Surfing on the massive wave kicked up by the craze for things paranormal is Dunedin’s spookiest entrepreneur, Andrew Smith – host of Dunedin’s Hair Raiser Ghost Walk. Is it all nonsense, or is there something mysterious afoot?

“Hair Raiser Ghost Walk: See you there if you dare,” taunts the advertisement in the Yellow Pages. I’ve never been one to turn down a dare, so on a cold Friday evening I found myself in the Octagon with seven other ‘ghost tourists’, ready for a spiritual experience hosted by Andrew Smith. Smith says he got into the spook business through his interest in local history; his research uncovered “ghost stories and strange tales.” He announces he’s been doing tours for three years, and although he started out as a sceptic, ‘things happened’ and he became a ‘believer’. He has since appeared as an expert on Ghost Hunt, a TV series that purports to investigate hauntings throughout New Zealand.

Our entire tour is done on foot, at a relaxed strolling pace. This is quite convenient since the central city is packed with mysterious old buildings in close proximity. At $20 per person, it seems to be a lucrative business, and in fact Smith has started similar operations in Oamaru and Queenstown, making himself a veritable magnate of supernatural sightseeing.

6:01pm – Haunted Corner

It’s a suitably sombre evening: chilly, misty and grey. The tour group gathers, as instructed, outside the Information Centre in the Town Hall – which, we are quick to learn, is haunted. Yes, this was the site of Dunedin’s first hospital, now frequented by an apparition known only as the ‘Grey Lady’. Little is known about her, but there’s speculation she was a nurse, or a patient who went insane after losing a child. To this day, says Andrew, some staff in the Information Centre feel uneasy when they’re alone in the staffroom or basement. I look around curiously, but see nothing out of the ordinary.

Municipal Lane, the narrow alleyway between the Town Hall and public library, is apparently better known as the ‘Corridor of Death’ to Dunedin’s spectrologist community. It is said to be the coldest spot in Dunedin, a fact highly suggestive of ghost infestation (I was unable to confirm this with the local MetService office). Personally I think it is more to do with some sort of windtunnel effect, but that is too boring to be right.

After the tour I return to speak to Roy, an employee in the Information Centre, who claims he’s “never heard or seen anything” remotely ghostly. He pauses for a moment, then volunteers there had been a “bad smell out back,” but that just turned out to be clogged grease traps.

I nod sagely. Without doubt, this was no ordinary drain-clogging; it was the work of the Grey Lady. Ghost story #1: Confirmed.

6:08pm – Security Building

We walk a short distance east, and find ourselves at the foot of the impressive Security Building on Stuart St. This is the site of one of Dunedin’s most mysterious unsolved murders. James Ward, a popular lawyer, was killed by a letter bomb in his first floor office here in 1962. Does his restless spirit, torn with violence from the physical world, still wander the cold stone corridors? According to our guide, no one was ever arrested for the murder – and the room where Ward died has been subject to bizarre phenomena ever since. It was so bad, says Smith, that nobody would rent the room for years.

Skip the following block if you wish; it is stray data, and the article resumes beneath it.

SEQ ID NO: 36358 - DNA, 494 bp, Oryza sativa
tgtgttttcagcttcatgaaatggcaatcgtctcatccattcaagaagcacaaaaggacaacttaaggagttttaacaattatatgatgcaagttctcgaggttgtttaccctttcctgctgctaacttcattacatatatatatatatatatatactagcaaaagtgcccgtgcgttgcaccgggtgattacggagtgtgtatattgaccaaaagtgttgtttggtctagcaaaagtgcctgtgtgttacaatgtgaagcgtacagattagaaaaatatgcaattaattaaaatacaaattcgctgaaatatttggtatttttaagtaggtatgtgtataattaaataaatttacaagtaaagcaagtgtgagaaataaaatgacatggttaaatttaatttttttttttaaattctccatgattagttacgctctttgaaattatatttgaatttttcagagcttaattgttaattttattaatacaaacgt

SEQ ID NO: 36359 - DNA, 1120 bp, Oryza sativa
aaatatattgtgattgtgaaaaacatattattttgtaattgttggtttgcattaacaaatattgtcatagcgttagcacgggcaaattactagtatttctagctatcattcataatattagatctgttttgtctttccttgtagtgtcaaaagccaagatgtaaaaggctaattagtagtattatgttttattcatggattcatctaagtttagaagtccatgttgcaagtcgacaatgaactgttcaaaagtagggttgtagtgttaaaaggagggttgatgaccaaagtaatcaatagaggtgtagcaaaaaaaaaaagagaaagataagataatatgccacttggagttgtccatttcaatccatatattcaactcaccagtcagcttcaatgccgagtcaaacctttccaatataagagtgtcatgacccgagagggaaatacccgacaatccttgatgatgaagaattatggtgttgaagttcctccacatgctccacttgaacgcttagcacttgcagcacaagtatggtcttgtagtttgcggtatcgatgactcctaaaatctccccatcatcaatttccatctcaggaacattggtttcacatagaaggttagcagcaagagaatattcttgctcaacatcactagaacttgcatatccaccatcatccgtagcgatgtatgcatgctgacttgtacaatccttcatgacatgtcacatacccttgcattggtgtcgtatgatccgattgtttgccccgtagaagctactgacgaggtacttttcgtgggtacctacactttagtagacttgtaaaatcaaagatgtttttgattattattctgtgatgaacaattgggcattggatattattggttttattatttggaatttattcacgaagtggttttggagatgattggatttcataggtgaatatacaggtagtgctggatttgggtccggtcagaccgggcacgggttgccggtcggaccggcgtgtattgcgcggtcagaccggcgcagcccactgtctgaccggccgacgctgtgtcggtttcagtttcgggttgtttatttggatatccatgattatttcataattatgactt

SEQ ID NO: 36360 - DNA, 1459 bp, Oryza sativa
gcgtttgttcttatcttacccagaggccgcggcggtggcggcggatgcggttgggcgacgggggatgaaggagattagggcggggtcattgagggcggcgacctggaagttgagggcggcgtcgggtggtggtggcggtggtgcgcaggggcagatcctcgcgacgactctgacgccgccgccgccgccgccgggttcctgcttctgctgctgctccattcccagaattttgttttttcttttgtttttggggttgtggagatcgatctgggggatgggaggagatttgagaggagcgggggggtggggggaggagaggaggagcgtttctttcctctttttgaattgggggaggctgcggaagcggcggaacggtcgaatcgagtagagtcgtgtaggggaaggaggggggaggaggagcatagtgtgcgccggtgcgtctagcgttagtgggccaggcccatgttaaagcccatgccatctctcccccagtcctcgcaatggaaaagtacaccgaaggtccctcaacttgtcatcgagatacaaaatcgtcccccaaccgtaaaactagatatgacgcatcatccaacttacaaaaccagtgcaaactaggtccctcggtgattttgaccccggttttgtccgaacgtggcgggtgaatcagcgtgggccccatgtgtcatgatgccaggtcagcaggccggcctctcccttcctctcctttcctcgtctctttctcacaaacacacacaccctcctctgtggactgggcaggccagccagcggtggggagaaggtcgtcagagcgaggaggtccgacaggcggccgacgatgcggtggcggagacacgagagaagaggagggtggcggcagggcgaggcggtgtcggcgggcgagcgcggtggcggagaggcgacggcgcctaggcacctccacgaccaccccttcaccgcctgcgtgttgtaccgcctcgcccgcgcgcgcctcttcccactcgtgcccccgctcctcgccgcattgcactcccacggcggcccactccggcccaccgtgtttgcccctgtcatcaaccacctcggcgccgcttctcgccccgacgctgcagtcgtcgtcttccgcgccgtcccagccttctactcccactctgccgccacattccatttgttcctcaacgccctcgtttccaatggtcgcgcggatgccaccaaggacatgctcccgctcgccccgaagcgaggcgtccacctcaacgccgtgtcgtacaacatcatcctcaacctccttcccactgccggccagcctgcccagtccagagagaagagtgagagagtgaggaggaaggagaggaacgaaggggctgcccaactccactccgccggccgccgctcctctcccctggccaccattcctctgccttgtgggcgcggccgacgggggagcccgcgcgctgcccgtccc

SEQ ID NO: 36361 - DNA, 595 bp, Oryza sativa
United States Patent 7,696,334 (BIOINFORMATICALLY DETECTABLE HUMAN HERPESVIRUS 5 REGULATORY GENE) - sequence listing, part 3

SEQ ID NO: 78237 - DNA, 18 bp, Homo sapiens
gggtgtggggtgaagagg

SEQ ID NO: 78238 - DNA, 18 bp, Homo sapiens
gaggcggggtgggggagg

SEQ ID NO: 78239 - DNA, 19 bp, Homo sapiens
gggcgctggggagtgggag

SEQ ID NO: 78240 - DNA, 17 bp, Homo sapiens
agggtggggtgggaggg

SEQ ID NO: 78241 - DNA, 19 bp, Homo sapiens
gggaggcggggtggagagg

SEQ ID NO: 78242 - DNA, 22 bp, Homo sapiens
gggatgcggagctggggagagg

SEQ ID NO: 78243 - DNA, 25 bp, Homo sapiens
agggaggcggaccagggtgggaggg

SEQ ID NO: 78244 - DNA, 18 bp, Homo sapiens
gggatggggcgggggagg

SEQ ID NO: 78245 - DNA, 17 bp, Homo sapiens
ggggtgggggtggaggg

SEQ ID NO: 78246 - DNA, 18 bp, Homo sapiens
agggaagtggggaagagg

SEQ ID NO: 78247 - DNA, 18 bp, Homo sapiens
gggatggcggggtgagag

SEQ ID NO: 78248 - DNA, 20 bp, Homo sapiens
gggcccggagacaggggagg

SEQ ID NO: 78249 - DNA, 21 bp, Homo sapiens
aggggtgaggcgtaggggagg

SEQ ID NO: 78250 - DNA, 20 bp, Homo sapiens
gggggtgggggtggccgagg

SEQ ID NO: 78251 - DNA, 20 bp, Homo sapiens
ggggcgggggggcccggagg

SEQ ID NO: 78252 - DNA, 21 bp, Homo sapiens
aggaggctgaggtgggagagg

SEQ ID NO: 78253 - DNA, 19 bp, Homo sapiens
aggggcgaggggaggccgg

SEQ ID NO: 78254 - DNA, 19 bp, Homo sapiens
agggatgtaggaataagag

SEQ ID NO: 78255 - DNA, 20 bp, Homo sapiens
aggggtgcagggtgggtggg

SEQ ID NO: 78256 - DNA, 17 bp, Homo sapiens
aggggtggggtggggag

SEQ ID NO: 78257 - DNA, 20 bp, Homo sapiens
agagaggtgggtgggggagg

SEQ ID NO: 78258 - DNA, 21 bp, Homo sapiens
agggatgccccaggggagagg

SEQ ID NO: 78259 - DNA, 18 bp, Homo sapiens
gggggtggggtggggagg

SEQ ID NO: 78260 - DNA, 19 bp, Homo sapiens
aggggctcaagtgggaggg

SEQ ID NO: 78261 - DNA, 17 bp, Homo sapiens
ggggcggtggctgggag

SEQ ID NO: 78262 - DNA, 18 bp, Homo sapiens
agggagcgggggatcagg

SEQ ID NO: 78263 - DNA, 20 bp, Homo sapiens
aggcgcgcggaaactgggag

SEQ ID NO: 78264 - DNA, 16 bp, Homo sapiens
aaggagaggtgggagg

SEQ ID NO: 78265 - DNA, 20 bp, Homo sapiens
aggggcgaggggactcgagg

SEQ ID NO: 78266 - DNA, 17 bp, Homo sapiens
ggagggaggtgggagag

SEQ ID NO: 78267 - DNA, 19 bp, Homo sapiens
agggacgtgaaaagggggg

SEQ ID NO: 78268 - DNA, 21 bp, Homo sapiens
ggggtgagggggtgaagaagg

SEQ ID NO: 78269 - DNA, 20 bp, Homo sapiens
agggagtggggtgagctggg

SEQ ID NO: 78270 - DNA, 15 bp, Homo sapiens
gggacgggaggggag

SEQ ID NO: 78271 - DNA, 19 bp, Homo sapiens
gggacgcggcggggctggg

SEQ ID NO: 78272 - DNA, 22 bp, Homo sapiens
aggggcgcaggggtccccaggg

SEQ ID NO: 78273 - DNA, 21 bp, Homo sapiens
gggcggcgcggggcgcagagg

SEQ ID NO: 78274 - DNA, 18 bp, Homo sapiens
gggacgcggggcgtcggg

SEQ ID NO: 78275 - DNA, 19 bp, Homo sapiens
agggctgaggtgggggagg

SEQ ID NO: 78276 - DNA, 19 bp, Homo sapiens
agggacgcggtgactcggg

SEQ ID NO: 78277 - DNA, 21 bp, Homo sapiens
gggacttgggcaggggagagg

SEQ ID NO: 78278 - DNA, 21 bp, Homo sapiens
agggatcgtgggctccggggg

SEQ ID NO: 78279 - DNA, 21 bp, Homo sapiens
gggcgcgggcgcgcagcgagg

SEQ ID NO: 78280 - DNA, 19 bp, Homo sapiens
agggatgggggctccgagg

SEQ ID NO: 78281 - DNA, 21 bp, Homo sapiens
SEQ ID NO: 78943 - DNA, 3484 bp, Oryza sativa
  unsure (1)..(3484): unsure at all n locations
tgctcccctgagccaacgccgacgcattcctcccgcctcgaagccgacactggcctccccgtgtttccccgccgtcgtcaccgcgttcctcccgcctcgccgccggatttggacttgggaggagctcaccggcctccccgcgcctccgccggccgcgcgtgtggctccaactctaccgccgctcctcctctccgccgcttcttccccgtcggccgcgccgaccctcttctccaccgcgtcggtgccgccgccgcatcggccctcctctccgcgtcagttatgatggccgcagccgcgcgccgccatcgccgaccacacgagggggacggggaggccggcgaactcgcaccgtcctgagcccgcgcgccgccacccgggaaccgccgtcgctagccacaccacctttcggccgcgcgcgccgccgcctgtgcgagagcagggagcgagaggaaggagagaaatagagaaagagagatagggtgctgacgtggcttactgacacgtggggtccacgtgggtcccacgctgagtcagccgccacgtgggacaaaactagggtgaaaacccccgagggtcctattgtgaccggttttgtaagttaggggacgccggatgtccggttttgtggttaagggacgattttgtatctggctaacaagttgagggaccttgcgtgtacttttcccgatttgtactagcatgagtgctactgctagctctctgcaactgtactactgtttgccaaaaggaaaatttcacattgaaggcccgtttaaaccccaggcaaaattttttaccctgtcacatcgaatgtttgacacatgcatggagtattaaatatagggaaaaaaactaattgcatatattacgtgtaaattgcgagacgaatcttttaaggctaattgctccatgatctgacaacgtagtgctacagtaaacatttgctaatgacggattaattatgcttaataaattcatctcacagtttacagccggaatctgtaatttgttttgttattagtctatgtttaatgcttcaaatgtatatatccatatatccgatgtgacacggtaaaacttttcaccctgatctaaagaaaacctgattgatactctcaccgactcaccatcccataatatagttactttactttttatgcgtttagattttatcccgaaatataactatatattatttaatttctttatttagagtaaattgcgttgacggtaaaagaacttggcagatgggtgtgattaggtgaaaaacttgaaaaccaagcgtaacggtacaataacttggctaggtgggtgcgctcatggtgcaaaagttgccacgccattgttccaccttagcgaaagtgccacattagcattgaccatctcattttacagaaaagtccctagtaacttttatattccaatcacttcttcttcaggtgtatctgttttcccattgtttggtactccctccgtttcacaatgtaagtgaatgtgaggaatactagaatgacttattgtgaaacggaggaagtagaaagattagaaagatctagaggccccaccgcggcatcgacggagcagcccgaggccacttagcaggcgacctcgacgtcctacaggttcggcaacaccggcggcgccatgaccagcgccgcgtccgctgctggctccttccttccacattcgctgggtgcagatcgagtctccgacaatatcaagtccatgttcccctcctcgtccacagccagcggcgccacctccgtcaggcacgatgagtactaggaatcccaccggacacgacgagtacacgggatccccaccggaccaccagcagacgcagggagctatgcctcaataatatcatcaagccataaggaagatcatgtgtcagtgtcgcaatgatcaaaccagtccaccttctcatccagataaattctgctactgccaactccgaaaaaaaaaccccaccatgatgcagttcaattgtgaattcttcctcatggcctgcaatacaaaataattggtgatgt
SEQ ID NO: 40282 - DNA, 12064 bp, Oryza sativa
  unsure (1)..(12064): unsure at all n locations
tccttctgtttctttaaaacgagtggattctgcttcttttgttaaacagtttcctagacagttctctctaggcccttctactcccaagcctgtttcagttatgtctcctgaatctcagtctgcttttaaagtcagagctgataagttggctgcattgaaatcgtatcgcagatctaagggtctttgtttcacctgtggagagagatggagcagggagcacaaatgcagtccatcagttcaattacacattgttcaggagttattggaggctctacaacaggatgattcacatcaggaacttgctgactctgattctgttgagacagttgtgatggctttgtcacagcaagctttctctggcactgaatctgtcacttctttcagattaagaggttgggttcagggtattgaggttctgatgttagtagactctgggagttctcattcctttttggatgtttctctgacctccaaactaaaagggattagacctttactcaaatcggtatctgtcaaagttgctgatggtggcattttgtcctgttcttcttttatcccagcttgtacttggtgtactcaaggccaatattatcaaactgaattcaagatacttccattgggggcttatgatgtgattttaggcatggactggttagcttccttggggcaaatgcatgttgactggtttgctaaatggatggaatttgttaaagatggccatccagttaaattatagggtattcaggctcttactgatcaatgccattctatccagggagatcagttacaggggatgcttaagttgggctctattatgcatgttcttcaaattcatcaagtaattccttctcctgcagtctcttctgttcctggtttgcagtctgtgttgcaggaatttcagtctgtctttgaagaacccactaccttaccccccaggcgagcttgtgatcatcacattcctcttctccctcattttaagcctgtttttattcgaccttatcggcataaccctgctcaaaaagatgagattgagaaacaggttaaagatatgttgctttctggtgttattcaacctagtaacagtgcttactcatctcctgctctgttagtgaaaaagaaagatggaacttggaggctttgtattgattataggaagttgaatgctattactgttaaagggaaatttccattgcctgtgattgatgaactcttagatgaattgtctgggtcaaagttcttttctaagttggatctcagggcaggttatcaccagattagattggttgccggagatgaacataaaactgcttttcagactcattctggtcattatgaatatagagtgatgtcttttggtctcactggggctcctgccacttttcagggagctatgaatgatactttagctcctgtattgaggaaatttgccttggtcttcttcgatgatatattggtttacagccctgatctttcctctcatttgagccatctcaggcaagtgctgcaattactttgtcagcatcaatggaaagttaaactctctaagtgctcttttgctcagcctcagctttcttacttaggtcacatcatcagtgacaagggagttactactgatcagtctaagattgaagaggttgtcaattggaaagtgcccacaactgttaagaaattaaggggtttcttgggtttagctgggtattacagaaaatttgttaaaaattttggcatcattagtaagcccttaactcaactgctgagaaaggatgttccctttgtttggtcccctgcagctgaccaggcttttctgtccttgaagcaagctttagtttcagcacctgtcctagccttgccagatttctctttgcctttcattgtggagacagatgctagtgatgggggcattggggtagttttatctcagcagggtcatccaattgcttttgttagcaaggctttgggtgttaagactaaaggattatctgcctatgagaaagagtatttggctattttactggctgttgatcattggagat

Later, I return to speak to Dick Young, the landlord of the building. He laughs and says the room where Ward died is as ordinary as any other room in the building, and has always been in use. The ghost stories are silliness, he chuckles.

Smith offers a counter-explanation for such inconsistencies: “often people are careful [what they say about ghosts], perhaps out of embarrassment … or fear.” As Young smiles and laughs at my ghost story, I swear that, for the briefest moment, I glimpse a look of pure terror in his eyes. Is he hiding a terrible secret? My head says no but my gut feeling is … yes! Ghost story #2: Confirmed.

6:17pm – Regent Theatre Back Lot

The tour group moves south and heads down a dim alleyway. Here, Smith tells us the story of one of Dunedin’s biggest disasters, the ‘Dunedin Holocaust’. Few people now know of the huge fire that destroyed much of the Octagon in 1879, killing at least 12 people. Putting aside for a moment whether ‘holocaust’is an appropriate term for the accident, it was really interesting to hear about the local history, the old fire brigade system and the demise of the chief arson suspect shortly after he escaped criminal charges. Our guide points out some of the remaining brickwork of the original building where the fire started – now part of the Regent Theatre. We’re told that the Regent Theatre and the nearby Ra Bar have been subject to many ghostly phenomena – especially the Ra Bar wine cellar, where a waitress once saw a floating ghost surrounded by a ring of fire.

Everything seems to add up, and we all know anecdotal evidence is infallible, so … Ghost story #3: Confirmed.

6:27pm – First Church

We cross the road to the First Church, and Smith tells us the story of the apparition who supposedly stalks these hallowed grounds – a ‘silkie’, the tormented spirit of a jilted bride-to-be who committed suicide. This is a Very Special part of the tour, because not too long ago, a tour group actually sighted this ghost. Yes, apparently they saw a woman standing in the car park (60 feet away), who then walked off. When the group investigated, the woman could not be found.